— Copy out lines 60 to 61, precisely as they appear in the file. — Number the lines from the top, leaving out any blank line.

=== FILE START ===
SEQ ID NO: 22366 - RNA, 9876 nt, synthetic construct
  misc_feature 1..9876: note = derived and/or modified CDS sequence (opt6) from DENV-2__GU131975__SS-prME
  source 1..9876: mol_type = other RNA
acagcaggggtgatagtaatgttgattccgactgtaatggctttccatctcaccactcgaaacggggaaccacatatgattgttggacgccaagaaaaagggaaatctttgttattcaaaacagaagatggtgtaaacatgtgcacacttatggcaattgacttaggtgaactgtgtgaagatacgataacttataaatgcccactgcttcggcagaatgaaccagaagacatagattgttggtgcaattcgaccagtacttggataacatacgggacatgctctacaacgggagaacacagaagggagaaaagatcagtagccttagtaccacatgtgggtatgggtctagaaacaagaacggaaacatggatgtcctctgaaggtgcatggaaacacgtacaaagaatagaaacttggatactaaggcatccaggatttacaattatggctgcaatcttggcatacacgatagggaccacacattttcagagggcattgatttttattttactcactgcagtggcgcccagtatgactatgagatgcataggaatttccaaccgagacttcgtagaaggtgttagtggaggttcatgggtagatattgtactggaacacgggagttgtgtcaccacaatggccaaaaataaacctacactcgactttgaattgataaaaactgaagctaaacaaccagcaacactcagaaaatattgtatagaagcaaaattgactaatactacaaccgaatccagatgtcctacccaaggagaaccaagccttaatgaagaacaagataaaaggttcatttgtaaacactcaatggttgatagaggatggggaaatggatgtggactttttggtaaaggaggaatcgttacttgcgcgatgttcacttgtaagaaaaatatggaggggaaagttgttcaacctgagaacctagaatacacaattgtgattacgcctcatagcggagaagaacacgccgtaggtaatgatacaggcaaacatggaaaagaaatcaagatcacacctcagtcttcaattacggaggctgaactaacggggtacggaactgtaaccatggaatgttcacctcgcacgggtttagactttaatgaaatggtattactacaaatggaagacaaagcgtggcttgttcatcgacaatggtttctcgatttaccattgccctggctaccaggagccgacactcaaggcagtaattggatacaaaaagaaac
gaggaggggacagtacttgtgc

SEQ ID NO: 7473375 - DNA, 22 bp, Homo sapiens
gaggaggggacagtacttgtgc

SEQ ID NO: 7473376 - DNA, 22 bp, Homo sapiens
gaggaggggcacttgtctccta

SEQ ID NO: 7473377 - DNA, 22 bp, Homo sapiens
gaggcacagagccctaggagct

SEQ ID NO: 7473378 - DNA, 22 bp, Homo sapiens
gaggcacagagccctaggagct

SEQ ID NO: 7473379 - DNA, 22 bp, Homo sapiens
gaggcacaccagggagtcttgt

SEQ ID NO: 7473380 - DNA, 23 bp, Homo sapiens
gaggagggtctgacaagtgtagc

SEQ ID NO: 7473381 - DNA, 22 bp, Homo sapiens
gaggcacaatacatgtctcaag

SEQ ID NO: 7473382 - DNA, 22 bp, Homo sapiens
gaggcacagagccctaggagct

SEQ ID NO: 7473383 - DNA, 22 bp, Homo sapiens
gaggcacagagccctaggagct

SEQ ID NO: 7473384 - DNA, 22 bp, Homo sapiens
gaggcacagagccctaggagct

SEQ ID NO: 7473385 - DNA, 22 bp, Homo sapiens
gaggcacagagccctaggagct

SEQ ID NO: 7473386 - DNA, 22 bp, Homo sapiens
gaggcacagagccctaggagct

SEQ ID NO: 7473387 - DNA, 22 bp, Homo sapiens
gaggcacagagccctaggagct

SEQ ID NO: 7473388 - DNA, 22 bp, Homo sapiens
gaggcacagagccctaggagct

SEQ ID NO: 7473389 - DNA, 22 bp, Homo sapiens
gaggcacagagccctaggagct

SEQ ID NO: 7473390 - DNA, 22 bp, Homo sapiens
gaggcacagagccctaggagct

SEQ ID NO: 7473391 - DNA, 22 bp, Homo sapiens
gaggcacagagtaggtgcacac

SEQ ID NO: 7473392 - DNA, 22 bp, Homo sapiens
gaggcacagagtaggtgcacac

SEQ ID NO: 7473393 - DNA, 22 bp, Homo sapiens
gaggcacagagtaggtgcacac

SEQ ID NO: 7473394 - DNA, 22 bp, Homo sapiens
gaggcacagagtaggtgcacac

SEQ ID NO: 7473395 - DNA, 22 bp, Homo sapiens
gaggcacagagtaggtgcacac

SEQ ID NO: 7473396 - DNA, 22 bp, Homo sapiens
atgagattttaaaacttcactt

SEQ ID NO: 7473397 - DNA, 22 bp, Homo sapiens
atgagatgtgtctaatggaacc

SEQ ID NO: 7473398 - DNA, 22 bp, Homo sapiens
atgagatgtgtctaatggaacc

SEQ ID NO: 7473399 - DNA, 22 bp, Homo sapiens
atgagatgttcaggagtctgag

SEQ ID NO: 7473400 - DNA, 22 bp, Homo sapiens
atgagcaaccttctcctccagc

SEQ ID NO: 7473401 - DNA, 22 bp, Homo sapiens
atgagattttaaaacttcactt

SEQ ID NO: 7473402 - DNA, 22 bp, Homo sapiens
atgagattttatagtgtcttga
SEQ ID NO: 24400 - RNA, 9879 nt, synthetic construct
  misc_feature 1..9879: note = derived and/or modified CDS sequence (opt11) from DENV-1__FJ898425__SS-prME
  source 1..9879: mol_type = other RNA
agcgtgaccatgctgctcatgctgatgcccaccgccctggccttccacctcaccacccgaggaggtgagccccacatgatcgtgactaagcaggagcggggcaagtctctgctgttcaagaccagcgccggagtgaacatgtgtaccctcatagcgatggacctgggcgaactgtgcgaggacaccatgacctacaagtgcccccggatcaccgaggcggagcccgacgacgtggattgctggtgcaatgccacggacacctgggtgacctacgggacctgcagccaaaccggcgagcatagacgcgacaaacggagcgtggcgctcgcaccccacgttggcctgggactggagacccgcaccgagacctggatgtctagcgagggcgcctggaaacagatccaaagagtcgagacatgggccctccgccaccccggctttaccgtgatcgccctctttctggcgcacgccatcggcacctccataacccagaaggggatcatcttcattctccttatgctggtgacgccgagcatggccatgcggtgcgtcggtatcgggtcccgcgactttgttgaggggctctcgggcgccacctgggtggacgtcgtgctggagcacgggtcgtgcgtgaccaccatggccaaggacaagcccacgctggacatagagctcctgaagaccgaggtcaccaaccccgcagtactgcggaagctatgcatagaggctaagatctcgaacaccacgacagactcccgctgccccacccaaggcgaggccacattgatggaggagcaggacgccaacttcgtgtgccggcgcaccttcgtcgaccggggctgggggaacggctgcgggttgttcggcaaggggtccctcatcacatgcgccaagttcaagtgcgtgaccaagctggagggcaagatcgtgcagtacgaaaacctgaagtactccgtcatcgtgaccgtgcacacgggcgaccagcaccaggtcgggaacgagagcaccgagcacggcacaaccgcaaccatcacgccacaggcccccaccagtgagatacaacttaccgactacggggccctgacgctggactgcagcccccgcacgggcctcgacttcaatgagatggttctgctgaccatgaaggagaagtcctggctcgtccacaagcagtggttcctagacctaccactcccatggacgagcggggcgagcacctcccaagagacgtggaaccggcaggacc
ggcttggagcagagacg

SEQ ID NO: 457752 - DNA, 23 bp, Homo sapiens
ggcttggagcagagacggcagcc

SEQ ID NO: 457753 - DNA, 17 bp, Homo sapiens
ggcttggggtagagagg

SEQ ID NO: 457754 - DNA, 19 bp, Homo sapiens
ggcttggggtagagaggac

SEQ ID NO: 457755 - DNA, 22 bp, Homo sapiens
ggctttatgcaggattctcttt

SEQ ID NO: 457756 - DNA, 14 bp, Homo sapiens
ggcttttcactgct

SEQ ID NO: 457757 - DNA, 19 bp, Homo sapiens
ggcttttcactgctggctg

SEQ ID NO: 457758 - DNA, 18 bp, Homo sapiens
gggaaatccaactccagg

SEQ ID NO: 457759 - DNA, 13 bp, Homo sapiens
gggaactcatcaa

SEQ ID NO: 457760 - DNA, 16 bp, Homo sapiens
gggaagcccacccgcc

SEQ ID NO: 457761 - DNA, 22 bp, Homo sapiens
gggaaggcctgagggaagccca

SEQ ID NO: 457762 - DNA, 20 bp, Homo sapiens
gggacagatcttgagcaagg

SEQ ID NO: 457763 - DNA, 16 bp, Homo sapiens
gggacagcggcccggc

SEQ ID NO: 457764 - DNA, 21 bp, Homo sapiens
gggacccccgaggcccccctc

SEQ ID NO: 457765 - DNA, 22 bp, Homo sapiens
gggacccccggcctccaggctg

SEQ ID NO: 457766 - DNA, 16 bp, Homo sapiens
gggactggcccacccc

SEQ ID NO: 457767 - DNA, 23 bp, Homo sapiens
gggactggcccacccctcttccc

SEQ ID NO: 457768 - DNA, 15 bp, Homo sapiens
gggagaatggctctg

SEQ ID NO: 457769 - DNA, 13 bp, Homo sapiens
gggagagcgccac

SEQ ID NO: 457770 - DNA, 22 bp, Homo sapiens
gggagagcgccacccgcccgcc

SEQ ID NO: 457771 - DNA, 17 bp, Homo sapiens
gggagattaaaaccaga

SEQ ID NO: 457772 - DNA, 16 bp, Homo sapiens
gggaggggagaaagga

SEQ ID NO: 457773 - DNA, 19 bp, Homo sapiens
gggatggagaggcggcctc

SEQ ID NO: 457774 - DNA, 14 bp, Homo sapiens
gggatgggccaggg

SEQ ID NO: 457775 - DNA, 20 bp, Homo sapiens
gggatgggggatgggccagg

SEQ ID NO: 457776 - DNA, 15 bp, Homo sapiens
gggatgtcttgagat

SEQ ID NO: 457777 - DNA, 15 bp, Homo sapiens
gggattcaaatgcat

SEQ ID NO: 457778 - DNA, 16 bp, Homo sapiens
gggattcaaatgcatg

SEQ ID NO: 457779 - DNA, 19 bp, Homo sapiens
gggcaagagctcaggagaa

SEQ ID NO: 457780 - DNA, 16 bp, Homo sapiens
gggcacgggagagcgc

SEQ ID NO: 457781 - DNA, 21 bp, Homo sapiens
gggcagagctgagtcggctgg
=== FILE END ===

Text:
SEQ ID NO: 7473402 - DNA, 22 bp, Homo sapiens
atgagattttatagtgtcttga